KONDRACKE: Well, they've got -- I think they've got two or three months, four months, maybe, to show real progress, if they don't, then the president is going to lose any whatever little support he has left in the United States, I mean, in addition to the fact that they've got to start pacifying Baghdad over a period of months. But, some progress on Maliki's part would be enormously helpful to both himself and to President Bush.

KRAUTHAMMER: He's a hard guy to like. I mean, after all, he's tweaking the administration, talking about it being essentially a lame duck, I think what the secretary state had said to foreign journalists. After all, he's the guy who's sitting in the green zone saying all of this. If it weren't for the American -- this distraction, if it weren't for American soldiers' blood, he'd be either in exile, in jail, or at the end of a noose.

And you know, he's been elected as the president of Iraq, but he's been acting for the last, almost a year now, as a sectarian and looking for Shiite supremacy, protecting al Sadr, taking down the American barricades when we had a -- we were in search of a death squad leader. Having us release Iranian agents who were discovered in the headquarters of his collision quarters. So, this is a guy who has not helped us.

Now this is his last chance. He knows it. And the surge will depend -- I think American soldiers and Lieutenant General Petraeus who's going to be leading all this is extremely competent and he could succeed in the plan in Baghdad. He will only succeed...

HUME: Well, Baghdad is pacified and the violence level has subsides?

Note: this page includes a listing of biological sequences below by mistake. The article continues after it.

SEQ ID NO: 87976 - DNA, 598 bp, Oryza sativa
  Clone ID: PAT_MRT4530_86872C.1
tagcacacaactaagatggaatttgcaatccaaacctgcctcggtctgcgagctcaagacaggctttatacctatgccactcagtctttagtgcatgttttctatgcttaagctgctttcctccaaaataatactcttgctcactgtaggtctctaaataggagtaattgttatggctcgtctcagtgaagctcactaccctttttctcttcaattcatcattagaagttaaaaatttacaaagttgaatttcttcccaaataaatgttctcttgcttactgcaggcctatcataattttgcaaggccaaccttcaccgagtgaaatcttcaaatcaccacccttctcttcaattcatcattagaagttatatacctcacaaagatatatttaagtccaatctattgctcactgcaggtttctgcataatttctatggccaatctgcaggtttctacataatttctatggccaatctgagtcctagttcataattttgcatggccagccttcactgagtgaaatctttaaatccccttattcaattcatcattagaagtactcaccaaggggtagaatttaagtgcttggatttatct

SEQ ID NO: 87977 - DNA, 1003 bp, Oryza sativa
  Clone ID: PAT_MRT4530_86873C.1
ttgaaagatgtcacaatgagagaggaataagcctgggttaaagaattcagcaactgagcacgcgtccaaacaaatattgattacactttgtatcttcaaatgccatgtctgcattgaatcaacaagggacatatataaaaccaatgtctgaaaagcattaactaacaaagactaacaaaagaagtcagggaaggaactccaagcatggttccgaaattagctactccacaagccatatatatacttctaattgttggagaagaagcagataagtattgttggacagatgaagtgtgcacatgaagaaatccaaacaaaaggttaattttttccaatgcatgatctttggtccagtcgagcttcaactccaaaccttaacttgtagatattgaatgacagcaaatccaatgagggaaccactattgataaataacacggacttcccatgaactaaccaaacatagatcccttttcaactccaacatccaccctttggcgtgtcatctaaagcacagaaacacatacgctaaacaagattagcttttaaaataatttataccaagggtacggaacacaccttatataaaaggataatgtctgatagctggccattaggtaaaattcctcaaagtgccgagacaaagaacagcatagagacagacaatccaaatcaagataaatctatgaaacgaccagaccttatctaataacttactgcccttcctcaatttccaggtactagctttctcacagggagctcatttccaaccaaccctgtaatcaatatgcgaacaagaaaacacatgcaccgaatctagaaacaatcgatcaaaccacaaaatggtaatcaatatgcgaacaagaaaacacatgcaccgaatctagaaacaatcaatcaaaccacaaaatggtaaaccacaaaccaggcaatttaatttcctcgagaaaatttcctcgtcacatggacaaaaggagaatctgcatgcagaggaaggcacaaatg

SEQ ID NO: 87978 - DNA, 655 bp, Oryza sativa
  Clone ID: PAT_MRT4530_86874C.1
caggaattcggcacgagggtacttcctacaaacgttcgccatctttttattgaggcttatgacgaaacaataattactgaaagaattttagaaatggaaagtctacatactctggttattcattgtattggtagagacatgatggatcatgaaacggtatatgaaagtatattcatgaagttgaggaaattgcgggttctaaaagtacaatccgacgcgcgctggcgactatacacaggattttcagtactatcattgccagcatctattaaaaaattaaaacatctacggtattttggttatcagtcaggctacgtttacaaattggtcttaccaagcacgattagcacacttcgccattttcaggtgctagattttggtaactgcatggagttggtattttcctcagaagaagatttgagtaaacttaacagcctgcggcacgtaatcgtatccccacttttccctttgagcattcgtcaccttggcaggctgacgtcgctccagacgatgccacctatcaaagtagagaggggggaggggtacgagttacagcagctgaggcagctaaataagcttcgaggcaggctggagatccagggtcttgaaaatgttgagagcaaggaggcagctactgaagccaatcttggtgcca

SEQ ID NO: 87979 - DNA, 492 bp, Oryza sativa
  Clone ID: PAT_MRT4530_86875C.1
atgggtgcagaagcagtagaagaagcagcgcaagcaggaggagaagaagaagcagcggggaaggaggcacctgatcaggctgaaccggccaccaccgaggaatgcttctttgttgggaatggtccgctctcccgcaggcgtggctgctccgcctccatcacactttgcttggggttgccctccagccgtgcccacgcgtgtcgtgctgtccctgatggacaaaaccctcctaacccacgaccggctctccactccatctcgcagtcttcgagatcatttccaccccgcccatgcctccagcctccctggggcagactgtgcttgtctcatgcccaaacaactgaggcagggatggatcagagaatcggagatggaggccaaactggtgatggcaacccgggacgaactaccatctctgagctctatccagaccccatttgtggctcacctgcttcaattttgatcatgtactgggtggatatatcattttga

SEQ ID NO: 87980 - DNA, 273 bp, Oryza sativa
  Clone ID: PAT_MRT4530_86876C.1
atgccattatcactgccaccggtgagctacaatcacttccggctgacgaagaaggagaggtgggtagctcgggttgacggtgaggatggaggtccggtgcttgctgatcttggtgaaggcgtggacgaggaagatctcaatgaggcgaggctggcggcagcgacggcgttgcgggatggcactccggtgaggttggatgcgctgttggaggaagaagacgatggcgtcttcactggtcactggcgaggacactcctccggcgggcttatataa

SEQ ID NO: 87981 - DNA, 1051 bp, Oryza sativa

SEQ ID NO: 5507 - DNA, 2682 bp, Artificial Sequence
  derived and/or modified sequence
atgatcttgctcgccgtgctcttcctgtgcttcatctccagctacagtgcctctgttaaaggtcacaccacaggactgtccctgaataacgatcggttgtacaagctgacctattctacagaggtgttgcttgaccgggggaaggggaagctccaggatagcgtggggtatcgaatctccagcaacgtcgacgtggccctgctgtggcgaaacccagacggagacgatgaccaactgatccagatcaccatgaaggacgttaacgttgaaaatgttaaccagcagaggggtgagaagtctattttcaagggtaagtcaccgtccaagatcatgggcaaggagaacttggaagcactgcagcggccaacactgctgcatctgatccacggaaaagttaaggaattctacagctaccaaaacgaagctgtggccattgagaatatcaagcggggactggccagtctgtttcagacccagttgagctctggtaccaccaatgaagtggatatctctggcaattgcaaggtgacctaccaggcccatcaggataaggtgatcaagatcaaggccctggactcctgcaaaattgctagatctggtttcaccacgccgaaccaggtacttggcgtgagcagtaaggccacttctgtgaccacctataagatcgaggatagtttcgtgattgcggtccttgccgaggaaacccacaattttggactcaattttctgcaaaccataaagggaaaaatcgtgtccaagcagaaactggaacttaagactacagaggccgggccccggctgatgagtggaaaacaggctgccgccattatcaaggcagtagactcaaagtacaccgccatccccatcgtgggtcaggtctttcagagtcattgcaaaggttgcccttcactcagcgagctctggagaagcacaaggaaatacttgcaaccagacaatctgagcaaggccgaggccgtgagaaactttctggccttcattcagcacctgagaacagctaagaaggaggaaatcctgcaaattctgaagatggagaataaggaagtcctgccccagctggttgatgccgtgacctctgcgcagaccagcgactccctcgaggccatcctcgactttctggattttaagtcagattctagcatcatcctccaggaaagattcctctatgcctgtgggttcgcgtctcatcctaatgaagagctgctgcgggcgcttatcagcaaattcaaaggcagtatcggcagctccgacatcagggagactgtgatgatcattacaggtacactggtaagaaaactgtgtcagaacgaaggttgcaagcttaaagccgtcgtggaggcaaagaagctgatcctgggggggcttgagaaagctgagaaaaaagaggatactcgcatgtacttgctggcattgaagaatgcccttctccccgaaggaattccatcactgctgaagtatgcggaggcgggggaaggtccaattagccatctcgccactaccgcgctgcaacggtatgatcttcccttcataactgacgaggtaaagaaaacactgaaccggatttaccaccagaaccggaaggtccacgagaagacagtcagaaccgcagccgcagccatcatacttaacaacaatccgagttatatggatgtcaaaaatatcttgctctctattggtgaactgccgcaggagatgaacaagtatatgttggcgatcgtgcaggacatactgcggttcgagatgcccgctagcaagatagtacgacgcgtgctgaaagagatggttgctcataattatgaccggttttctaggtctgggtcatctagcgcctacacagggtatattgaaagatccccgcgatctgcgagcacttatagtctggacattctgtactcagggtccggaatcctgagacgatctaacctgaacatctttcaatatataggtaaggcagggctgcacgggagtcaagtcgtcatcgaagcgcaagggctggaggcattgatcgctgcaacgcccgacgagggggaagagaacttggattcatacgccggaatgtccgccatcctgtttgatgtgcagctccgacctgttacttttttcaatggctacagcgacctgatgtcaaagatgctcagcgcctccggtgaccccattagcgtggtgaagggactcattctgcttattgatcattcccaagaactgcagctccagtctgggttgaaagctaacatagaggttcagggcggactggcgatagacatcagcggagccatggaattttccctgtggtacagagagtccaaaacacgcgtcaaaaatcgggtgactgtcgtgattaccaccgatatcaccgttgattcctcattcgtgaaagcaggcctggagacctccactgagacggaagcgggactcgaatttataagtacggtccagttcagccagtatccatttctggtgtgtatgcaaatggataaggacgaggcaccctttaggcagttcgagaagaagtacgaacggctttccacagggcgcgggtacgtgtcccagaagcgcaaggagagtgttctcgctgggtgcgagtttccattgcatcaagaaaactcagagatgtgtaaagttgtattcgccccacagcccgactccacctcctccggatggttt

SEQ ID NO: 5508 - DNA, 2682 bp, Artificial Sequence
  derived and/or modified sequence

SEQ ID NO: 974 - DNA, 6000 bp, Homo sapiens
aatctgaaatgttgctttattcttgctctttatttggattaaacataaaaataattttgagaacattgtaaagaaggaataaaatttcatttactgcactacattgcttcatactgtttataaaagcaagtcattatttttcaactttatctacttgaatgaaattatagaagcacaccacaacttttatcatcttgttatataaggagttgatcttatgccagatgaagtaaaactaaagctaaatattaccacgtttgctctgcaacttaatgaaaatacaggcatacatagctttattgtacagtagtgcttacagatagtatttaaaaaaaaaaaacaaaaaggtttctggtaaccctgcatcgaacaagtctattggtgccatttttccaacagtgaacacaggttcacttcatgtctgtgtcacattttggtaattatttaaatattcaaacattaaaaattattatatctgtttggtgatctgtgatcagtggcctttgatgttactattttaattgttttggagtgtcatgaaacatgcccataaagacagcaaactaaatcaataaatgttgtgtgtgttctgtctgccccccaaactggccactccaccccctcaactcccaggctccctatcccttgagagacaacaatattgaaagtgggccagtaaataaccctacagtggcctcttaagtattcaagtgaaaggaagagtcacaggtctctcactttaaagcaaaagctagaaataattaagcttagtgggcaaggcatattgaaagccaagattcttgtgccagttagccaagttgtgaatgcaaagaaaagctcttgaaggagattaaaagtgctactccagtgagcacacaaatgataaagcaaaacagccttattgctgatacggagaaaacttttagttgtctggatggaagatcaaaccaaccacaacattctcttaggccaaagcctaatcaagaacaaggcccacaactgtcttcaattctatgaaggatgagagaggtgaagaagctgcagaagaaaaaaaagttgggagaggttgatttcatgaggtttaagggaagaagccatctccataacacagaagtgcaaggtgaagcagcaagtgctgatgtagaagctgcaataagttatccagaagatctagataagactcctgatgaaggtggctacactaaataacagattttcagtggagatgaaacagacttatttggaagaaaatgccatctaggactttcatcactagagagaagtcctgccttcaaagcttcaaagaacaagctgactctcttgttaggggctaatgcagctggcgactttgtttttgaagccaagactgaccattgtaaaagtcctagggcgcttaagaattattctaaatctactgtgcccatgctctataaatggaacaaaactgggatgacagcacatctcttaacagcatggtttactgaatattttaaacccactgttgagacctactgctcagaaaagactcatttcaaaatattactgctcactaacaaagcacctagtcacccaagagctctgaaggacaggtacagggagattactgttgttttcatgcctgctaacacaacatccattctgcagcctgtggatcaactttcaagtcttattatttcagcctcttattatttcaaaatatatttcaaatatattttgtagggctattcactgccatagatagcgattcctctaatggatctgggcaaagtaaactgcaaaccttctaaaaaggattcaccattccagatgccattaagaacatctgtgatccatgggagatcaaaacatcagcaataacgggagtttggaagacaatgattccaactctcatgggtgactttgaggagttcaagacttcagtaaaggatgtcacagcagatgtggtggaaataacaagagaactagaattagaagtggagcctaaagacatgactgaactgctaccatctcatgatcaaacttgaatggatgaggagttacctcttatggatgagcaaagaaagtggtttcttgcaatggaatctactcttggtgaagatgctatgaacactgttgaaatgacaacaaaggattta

KRAUTHAMMER: We can win the war. We can win this war, but it depends on Maliki. It's going to depend on what he does, what his brigades do and what he does in curtailing the Shiite death squads.

If the 400 are released, that's going to show bad faith. But if he is going to hold the Mahdi army extremists and killers and thugs, that's a real step be a we'll see in the next month or two if he's a serious partner. If he is, I think we can actually win the war. The real issue has been that ever since the Samara bombing and the formation of his government, he has not acted as an ally.

KONDRACKE: One interesting report was that there are troops from the Kurdish area who are going to be sent into Baghdad, which suggests that they can be more Peshmerga can be more even.

HUME: Peshmerga.

KONDRACKE: Kurdish fighters -- can be more even handed in fighting between Sunnis and Shiite neighborhoods...

HUME: Yeah, they come from a different -- they can fight either one of them with an even hand.

KONDRACKE: Exactly, that would be good.

KRAUTHAMMER: Which is why it would work.

HUME: And they're supposedly the very toughest fighters.

KONDRACKE: Right, so if that's the case, that suggests some resolve on his part which is good news. But, you know, got to see.

HUME: Well, so, how quickly? Months?

KONDRACKE: Well, you know, I think there has got to be progress in weeks. Progress in weeks, not success in weeks, but progress.